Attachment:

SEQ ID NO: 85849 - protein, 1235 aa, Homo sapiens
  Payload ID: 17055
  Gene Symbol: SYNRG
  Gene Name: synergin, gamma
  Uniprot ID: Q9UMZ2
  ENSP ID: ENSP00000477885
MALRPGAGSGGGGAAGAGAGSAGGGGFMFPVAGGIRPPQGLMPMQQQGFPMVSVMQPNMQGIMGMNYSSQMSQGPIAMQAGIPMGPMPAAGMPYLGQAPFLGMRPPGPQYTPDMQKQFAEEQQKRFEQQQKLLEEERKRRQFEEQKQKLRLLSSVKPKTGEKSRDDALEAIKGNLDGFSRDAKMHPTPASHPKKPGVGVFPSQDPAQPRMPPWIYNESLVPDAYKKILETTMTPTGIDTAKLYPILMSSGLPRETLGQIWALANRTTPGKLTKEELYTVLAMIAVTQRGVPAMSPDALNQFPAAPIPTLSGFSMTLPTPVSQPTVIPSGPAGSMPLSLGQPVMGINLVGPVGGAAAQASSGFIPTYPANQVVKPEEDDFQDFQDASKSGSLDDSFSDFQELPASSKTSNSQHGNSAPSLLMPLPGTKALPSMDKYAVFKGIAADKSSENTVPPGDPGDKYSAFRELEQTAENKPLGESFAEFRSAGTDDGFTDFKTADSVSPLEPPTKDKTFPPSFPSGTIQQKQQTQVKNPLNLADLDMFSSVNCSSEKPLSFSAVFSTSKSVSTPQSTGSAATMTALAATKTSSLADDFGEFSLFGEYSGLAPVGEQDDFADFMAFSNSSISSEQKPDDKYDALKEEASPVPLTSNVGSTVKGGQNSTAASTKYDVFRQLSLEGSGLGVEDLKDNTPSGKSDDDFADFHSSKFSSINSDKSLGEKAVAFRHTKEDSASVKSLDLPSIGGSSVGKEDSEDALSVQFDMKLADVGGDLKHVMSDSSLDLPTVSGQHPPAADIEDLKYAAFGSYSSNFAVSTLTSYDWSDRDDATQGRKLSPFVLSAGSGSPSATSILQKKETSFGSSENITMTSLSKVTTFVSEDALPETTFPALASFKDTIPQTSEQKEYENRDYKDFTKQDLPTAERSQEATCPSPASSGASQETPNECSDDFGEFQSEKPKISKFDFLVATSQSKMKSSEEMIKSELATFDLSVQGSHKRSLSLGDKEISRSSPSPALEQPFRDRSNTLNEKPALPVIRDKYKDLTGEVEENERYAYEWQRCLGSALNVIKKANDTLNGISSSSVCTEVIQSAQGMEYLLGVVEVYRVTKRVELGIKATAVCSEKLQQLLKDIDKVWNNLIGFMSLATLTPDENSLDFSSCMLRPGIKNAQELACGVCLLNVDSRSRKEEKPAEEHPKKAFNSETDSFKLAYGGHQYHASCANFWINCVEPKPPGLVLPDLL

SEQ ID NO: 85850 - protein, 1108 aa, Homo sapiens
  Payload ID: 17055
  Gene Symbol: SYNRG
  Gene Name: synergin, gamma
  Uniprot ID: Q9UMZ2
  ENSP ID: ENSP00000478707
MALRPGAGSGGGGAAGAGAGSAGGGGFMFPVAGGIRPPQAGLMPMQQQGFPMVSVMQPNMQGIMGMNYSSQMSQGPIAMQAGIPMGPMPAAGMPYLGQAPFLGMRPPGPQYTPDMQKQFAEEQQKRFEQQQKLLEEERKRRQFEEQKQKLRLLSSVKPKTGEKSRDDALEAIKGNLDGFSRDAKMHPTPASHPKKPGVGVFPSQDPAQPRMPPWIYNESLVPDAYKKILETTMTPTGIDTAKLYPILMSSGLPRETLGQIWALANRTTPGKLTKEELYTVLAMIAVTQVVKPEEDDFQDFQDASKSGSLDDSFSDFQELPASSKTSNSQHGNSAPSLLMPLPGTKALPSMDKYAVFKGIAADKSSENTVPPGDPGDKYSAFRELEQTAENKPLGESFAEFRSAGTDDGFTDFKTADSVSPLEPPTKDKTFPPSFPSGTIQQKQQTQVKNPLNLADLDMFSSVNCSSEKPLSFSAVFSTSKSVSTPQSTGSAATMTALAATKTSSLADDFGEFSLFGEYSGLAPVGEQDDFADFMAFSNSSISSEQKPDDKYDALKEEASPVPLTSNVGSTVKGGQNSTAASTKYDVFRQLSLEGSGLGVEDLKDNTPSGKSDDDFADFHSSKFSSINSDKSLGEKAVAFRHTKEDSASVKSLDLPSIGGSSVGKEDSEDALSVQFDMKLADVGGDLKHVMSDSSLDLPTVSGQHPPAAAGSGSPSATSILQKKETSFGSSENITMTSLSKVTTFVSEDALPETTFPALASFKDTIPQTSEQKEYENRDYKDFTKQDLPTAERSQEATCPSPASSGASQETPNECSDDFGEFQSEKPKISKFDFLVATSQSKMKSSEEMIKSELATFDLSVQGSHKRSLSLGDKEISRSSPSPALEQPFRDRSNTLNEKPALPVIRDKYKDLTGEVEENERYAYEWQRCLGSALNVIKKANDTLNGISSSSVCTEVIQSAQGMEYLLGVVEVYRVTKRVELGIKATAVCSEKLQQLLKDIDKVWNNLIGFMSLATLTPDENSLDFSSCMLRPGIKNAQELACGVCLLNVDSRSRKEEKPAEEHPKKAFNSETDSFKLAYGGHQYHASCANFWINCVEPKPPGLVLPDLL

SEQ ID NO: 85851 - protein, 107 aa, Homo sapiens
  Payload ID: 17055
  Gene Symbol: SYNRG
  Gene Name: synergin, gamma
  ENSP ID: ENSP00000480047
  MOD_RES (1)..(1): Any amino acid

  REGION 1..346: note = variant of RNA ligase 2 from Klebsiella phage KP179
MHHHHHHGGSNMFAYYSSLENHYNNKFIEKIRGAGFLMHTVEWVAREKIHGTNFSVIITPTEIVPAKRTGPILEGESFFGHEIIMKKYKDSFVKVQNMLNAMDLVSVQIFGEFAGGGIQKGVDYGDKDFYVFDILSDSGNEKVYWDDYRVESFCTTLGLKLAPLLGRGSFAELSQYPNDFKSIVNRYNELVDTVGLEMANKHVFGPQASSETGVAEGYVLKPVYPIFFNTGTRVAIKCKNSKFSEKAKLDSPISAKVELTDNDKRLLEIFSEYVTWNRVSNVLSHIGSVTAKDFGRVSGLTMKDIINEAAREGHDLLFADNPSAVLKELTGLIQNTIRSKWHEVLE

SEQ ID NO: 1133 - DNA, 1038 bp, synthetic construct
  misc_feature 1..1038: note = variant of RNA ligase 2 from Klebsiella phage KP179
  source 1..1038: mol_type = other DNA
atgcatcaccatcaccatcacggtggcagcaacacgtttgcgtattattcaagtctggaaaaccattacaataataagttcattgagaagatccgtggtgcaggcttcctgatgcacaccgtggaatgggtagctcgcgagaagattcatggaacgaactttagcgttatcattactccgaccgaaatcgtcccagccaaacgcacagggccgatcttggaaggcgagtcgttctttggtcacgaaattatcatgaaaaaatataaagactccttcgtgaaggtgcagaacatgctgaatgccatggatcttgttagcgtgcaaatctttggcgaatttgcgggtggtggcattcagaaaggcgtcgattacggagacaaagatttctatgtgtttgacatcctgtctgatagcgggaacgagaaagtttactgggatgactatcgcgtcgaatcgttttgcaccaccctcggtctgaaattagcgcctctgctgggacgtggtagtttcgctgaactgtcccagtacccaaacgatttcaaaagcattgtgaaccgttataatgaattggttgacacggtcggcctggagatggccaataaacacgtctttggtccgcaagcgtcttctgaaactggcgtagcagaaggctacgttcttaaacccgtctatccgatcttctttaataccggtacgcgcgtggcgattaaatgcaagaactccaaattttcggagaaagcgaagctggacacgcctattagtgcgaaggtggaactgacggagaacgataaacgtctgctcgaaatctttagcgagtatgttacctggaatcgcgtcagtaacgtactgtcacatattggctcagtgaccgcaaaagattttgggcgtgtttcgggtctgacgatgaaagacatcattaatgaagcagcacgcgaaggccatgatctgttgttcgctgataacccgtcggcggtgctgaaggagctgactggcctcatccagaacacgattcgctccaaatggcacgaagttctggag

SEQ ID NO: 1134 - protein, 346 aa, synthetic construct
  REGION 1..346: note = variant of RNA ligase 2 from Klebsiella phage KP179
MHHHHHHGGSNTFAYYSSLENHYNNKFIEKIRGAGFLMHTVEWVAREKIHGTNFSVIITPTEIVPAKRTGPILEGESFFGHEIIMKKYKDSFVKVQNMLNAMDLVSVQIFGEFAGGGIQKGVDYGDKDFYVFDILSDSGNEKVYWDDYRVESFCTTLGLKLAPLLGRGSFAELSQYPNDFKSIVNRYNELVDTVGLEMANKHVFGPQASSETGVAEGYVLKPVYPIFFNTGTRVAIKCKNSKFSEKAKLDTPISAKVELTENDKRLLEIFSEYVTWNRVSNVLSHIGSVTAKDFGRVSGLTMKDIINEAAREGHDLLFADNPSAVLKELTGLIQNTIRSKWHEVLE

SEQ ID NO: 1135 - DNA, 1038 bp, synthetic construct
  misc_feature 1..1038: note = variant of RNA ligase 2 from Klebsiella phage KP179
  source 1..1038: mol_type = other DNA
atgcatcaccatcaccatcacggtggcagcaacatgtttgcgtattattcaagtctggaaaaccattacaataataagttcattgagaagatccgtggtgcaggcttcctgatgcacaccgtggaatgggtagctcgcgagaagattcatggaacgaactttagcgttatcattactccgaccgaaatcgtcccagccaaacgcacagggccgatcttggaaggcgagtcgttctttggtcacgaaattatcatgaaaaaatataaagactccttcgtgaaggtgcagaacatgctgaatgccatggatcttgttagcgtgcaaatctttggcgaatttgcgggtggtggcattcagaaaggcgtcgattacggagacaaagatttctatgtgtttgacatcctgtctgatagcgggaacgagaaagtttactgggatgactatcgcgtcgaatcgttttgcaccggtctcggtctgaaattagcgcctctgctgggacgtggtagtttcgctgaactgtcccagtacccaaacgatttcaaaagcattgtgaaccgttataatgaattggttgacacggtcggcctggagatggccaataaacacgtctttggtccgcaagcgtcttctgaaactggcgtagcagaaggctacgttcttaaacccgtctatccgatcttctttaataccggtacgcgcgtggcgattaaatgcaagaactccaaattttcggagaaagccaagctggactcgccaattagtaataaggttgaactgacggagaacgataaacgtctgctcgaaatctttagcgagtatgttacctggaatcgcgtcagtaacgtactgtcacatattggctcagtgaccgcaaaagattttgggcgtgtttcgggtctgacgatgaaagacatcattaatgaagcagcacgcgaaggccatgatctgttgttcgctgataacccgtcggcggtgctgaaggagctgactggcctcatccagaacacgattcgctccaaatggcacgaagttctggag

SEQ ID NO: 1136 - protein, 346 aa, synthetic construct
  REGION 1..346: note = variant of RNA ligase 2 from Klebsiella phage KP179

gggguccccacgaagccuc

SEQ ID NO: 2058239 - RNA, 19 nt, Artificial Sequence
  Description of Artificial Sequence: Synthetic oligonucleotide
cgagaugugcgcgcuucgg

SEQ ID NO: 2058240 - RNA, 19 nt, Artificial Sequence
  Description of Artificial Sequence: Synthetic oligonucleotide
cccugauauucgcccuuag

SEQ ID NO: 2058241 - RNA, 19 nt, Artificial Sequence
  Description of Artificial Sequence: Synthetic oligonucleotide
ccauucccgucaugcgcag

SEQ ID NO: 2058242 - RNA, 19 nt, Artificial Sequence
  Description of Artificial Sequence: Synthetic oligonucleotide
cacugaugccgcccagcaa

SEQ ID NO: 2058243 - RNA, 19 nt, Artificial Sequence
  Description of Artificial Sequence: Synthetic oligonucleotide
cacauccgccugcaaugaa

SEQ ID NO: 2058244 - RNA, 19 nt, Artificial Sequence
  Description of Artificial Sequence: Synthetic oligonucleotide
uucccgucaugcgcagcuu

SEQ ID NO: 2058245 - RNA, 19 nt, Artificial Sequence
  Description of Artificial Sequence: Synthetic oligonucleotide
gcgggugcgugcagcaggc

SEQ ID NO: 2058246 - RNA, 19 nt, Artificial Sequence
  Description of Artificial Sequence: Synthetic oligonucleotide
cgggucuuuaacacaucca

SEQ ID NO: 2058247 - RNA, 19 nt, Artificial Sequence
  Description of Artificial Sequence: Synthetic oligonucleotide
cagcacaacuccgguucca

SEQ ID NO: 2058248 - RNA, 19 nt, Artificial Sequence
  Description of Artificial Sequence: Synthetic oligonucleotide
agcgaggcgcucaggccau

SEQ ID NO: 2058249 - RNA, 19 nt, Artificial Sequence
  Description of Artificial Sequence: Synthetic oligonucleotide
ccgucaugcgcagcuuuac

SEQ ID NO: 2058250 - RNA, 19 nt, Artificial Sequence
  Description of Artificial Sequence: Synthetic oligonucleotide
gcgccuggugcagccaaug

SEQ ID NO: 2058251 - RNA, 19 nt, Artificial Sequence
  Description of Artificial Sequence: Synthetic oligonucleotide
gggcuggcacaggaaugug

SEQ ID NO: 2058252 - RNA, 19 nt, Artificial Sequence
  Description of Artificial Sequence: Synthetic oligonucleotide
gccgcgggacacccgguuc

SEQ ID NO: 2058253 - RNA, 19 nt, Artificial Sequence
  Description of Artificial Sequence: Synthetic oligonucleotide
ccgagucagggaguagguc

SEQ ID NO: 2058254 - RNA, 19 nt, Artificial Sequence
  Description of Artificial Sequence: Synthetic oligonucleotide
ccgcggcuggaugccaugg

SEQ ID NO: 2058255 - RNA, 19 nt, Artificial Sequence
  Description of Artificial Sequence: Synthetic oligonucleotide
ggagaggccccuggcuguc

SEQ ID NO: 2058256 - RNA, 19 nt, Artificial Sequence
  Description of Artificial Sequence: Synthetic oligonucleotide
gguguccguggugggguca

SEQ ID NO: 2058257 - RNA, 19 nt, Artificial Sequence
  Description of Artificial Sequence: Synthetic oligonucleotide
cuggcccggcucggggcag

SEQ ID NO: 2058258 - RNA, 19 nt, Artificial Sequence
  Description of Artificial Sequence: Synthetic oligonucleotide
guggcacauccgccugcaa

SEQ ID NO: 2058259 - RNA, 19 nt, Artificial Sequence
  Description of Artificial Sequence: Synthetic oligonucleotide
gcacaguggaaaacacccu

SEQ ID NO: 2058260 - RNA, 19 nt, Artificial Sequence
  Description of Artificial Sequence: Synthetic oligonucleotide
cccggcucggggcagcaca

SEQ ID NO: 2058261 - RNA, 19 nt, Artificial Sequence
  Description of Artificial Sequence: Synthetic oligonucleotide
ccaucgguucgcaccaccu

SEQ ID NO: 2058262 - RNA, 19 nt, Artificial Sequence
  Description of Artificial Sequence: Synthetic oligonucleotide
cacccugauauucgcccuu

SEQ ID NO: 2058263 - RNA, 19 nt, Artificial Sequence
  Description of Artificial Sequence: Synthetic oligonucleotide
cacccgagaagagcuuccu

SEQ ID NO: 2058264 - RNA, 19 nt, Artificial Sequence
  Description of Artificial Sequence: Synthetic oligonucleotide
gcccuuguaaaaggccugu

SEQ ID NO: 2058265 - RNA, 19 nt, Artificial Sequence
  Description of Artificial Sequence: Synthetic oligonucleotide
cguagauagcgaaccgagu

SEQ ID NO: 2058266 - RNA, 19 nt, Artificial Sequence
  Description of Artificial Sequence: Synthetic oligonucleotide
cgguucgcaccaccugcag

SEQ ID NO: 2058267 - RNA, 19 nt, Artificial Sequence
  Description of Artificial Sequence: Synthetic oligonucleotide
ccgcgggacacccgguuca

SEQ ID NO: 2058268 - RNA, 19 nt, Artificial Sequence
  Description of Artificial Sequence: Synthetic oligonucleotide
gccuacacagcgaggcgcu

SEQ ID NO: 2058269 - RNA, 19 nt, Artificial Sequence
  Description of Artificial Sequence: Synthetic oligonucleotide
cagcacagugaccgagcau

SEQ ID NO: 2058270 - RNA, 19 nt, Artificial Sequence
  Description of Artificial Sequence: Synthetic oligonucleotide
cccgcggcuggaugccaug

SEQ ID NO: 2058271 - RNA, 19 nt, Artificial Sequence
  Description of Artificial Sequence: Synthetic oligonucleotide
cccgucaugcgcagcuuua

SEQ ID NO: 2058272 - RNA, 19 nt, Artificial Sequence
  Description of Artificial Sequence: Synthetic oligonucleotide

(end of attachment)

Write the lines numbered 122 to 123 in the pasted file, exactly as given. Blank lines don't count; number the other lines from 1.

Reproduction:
  Description of Artificial Sequence: Synthetic oligonucleotide
ccgcgggacacccgguuca